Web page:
The Bank of Mozambique has increased the shared capital required for commercial banks from 70 million meticais (about US $1.05 million) to 1.7 billion meticais ($25.6 million dollars). Commercials banks have been given three years to increase their capital requirement to this level, which amounts to a 2,328 percent hike.
In a similar development, the apex bank also increased the minimum solvency ratio for commercial banks from 8 per cent to 12 per cent, giving the banks three years to attain this ratio. The regulator announced this development after the Monetary Policy Committee meeting earlier last Monday. Following the increase in capital requirements, the regulator also reduced one of its benchmark interest rates. The Standing Lending Facility (the interest rate paid by the commercial banks to the central bank for money borrowed on the Interbank Money Market) has been cut by 50 base points, from 23.25 per cent, to 22.75 per cent. The central bank governor, Rogerio Zandamela said the decision "is intended to strengthen the mechanism for forming interest rates in the economy, making it more transparent and in line with good international practices."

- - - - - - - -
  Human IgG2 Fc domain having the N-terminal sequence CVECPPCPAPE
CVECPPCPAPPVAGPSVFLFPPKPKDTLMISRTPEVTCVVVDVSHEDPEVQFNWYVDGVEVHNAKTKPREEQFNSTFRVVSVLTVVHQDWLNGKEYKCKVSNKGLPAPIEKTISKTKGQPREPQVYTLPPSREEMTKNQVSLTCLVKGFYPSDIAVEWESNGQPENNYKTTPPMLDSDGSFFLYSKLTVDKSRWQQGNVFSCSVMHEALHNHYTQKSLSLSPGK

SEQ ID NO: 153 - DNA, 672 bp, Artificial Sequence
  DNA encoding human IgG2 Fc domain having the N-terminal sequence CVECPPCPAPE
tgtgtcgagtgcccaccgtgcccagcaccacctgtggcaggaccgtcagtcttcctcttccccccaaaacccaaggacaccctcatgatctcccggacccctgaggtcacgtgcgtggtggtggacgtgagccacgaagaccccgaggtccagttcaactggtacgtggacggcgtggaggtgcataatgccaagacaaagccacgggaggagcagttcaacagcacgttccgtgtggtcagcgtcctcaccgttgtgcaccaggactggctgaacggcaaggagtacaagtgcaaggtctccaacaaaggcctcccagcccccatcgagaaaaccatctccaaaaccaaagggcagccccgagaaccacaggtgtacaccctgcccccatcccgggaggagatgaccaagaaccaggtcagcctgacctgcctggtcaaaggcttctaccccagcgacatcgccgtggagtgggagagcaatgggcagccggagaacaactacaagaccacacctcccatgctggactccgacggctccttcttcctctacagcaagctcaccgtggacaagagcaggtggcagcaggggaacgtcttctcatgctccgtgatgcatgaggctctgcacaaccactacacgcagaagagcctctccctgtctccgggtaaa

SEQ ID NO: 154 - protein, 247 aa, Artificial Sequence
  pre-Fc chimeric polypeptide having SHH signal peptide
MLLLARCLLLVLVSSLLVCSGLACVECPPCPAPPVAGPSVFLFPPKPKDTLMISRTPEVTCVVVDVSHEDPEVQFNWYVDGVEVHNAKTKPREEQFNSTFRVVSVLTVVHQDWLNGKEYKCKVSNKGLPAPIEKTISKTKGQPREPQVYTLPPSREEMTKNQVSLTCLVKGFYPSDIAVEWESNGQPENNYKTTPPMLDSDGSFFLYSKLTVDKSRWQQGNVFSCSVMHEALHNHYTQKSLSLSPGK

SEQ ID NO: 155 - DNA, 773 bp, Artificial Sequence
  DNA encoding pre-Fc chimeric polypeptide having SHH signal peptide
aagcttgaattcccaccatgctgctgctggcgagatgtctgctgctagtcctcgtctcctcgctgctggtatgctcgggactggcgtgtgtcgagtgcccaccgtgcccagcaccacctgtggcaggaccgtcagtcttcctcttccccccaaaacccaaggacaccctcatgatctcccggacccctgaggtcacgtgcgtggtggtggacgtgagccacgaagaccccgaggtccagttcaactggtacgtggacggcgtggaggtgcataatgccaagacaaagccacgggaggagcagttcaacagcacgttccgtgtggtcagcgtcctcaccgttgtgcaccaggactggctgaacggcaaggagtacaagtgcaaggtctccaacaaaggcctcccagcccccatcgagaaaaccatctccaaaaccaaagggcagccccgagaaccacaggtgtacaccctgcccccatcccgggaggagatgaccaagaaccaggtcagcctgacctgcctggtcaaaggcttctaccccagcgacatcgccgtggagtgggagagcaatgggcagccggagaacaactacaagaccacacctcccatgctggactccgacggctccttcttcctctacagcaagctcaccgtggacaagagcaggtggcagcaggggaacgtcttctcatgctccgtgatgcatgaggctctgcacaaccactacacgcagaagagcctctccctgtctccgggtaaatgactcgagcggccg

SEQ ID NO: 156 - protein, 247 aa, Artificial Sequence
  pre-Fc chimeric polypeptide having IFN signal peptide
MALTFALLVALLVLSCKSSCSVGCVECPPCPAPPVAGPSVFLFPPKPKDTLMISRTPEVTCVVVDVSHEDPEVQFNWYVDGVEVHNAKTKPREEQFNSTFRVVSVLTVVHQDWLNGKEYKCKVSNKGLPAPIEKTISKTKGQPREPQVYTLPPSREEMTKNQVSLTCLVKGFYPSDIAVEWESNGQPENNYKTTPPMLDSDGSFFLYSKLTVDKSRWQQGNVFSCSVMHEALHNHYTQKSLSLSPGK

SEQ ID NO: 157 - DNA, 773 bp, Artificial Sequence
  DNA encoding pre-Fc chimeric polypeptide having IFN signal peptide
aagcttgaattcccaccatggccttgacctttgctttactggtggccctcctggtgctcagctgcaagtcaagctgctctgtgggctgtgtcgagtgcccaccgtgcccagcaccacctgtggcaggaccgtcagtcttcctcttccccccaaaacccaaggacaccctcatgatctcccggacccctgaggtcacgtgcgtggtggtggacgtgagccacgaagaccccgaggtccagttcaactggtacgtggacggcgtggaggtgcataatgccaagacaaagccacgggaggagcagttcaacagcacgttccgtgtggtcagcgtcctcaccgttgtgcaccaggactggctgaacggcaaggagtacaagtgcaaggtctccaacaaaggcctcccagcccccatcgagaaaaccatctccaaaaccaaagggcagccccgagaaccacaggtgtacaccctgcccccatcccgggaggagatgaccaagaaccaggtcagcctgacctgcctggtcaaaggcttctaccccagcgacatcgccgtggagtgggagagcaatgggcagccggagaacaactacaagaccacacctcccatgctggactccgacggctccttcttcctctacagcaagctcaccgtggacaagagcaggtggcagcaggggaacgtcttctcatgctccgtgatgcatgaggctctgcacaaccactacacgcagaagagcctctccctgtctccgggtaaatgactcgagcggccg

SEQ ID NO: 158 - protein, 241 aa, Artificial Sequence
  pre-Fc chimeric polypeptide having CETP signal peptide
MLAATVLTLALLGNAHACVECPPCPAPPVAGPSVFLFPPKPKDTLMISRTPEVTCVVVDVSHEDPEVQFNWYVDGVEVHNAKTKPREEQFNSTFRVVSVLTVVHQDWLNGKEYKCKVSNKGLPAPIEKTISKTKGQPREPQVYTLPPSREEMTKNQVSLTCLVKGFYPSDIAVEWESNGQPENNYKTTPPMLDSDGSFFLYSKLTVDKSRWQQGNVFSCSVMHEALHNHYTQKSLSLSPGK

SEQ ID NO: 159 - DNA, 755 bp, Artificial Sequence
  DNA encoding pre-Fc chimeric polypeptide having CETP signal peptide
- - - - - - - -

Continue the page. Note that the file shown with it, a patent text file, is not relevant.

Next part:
Meanwhile, the Standing Deposit Facility (the rate paid by the central bank to the commercial banks on money they deposit with it) has been retained at 16.25 per cent. Also the Compulsory Reserves Coefficient was retained at 15.5 per cent.
However, Macroeconomic indicators point in the right direction as inflation has declined significantly. In March 2017, inflation stood at 0.88 per cent, compared with 1.25 per cent in February and 2.15 per cent in January respectively.